• a flexible approach to timetabling and accommodating students' course needs
  • the provision of a variety of academic and vocational pathways leading to relevant qualifications
  • opportunities for students to develop knowledge and skills in education outside the classroom (EOTC), student leadership, and cultural and sporting activities
  • the provision of learning support programmes for students with identified learning needs
  • an extensive pastoral care network to support student’s academic, social and emotional needs.

There is an increasing focus on strategies to engage students in purposeful learning. In classes observed by ERO there were positive and respectful interactions between students and teachers and among students, and many examples of cooperative group learning. Teachers clearly explained the purpose of the learning, used meaningful examples and gave constructive and helpful feedback to guide the learning process.

Professional learning and development is positively influencing teaching practice. School-wide professional learning and development centres around teacher focus groups that provide opportunities for teachers to lead and take responsibility for curriculum developments. Teachers are able to discuss, share and reflect on their practice. School leaders acknowledge the need to foster this approach and formalise a process for inquiring into teaching and learning practices. This is particularly important for progressively raising the achievement levels of students attaining Level 2 NCEA and for priority learners across the school.

How effectively does the school promote educational success for Māori, as Māori?

The school promotes success for Māori in many ways. There is a strong emphasis on strategies and initiatives to lift the presence, engagement and achievement of Māori students. Improving learning relationships between teachers and Māori students is a significant focus for teachers and is contributing to calm and settled environments for teaching and learning. Māori students are benefitting from the many programmes and opportunities that promote their cultural identify, leadership skills, confidence and enjoyment of learning.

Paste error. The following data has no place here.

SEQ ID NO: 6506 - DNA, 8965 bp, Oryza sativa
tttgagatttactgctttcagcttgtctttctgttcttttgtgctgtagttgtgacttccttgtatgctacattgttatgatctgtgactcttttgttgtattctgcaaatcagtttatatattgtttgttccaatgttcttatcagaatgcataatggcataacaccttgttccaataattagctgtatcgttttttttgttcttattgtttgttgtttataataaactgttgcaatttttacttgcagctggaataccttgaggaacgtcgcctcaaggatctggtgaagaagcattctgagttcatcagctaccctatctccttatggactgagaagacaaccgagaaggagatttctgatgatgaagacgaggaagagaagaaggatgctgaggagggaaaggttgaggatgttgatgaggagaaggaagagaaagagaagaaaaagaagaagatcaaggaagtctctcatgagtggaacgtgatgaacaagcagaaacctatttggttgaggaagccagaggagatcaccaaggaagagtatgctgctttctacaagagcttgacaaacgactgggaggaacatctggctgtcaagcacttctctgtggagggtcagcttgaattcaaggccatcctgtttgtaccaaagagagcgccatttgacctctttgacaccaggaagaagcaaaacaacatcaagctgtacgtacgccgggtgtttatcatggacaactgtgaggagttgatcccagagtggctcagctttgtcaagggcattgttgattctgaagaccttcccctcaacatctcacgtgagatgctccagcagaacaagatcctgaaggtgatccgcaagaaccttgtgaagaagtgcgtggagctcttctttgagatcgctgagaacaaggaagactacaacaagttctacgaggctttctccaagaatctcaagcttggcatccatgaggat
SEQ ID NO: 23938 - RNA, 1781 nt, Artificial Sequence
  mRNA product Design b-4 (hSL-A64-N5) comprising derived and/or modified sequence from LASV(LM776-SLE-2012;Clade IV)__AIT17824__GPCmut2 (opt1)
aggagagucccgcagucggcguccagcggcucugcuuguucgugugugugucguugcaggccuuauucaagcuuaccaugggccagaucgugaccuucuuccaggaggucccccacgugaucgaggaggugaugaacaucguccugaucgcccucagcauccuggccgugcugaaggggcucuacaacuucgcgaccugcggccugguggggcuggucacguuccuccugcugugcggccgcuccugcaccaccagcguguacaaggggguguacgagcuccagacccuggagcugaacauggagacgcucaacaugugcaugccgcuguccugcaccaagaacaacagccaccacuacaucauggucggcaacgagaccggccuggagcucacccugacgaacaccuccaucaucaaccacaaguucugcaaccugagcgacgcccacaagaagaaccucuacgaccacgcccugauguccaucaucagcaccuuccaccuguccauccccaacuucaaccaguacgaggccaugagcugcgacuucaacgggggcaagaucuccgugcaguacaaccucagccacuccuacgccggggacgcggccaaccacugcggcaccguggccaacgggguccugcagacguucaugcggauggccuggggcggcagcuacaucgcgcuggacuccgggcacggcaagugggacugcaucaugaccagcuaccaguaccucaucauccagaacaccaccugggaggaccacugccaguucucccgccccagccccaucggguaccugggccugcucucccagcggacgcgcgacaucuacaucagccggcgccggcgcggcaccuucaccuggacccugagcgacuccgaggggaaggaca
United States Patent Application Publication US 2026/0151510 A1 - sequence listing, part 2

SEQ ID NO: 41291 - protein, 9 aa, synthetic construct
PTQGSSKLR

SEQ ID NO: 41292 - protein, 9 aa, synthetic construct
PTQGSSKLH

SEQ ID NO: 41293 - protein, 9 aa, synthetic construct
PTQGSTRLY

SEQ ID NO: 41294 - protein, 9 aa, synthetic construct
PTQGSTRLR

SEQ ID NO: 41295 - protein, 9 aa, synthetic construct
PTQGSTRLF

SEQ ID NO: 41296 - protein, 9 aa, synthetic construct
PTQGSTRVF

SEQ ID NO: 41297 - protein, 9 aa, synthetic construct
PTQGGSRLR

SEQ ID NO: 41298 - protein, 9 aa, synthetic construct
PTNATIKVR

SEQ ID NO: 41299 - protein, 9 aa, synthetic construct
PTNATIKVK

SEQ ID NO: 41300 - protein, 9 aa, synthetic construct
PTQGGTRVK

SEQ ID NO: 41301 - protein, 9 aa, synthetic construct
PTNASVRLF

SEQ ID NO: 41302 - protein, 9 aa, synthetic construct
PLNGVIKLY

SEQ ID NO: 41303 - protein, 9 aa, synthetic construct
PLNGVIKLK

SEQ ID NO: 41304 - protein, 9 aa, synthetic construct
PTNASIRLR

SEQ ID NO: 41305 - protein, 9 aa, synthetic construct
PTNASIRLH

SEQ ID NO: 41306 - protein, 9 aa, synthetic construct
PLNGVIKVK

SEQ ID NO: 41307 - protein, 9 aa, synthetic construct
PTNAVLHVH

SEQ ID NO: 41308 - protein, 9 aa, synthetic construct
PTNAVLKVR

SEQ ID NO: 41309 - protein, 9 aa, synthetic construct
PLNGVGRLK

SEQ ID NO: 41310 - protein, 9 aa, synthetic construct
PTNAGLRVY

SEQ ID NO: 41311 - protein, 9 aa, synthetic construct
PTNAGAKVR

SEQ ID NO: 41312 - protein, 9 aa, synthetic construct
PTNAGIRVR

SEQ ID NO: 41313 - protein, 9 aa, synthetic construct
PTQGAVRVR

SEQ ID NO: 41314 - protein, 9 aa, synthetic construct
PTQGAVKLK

There is a need to improve the achievement of Māori students. While there are several initiatives designed to support and engage Māori students, school leaders now need to set specific targets and measurable goals to determine the effectiveness of these initiatives through ongoing self-review processes.

4 Sustainable Performance

How well placed is the school to sustain and improve its performance?

The school is well placed to sustain and improve its performance because:

  • the board is providing effective governance particularly in relation to financial management and resource allocation
  • the principal’s inclusive leadership style is fostering a strong commitment and ownership of the school’s vision and values
  • senior leaders work collegially to support the principal and ensure effective school operations
  • there is a safe and supportive school culture underpinned by high expectations and standards
  • there are many examples of effective teaching and teachers' commitment to professional learning and development
  • there is provision of holistic education and learning pathways that support students to succeed.

In order to strengthen sustainability it is essential that the board and senior leaders work collaboratively to develop and implement evidenced-based self review that is informed by student achievement information.

Provision for international students

The school is a signatory to the Code of Practice for the Pastoral Care of International Students (the Code) established under section 238F of the Education Act 1989. At the time of this review there were two international students attending the school.

The school has attested that it complies with all aspects of the Code.

ERO’s investigations confirmed that the school’s self-review process for international students is thorough.

Board assurance on legal requirements

Before the review, the board of trustees and principal of the school completed the ERO Board Assurance Statement and Self-Audit Checklists. In these documents they attested that they had taken all reasonable steps to meet their legislative obligations related to:

  • board administration
  • curriculum
  • management of health, safety and welfare
  • personnel management
  • financial management
  • asset management.

During the review, ERO checked the following items because they have a potentially high impact on student achievement:

  • emotional safety of students (including prevention of bullying and sexual harassment)
  • physical safety of students
  • teacher registration
  • processes for appointing staff
  • stand-downs, suspensions, expulsions and exclusions
  • attendance.

When is ERO likely to review the school again?

ERO is likely to carry out the next review in three years.

Dale Bailey

National Manager Review Services Northern Region

8 July 2013

About the School


Te Awamutu, Waikato

Ministry of Education profile number


School type

Secondary (Years 9 to 15)

School roll


Number of international students


Gender composition

Girls 55% Boys 45%

Ethnic composition

NZ European/Pākehā


Other European






Review team on site

May 2013

Date of this report

8 July 2013

Most recent ERO report(s)

Education Review

Education Review

Education Review

May 2010

June 2007

March 2005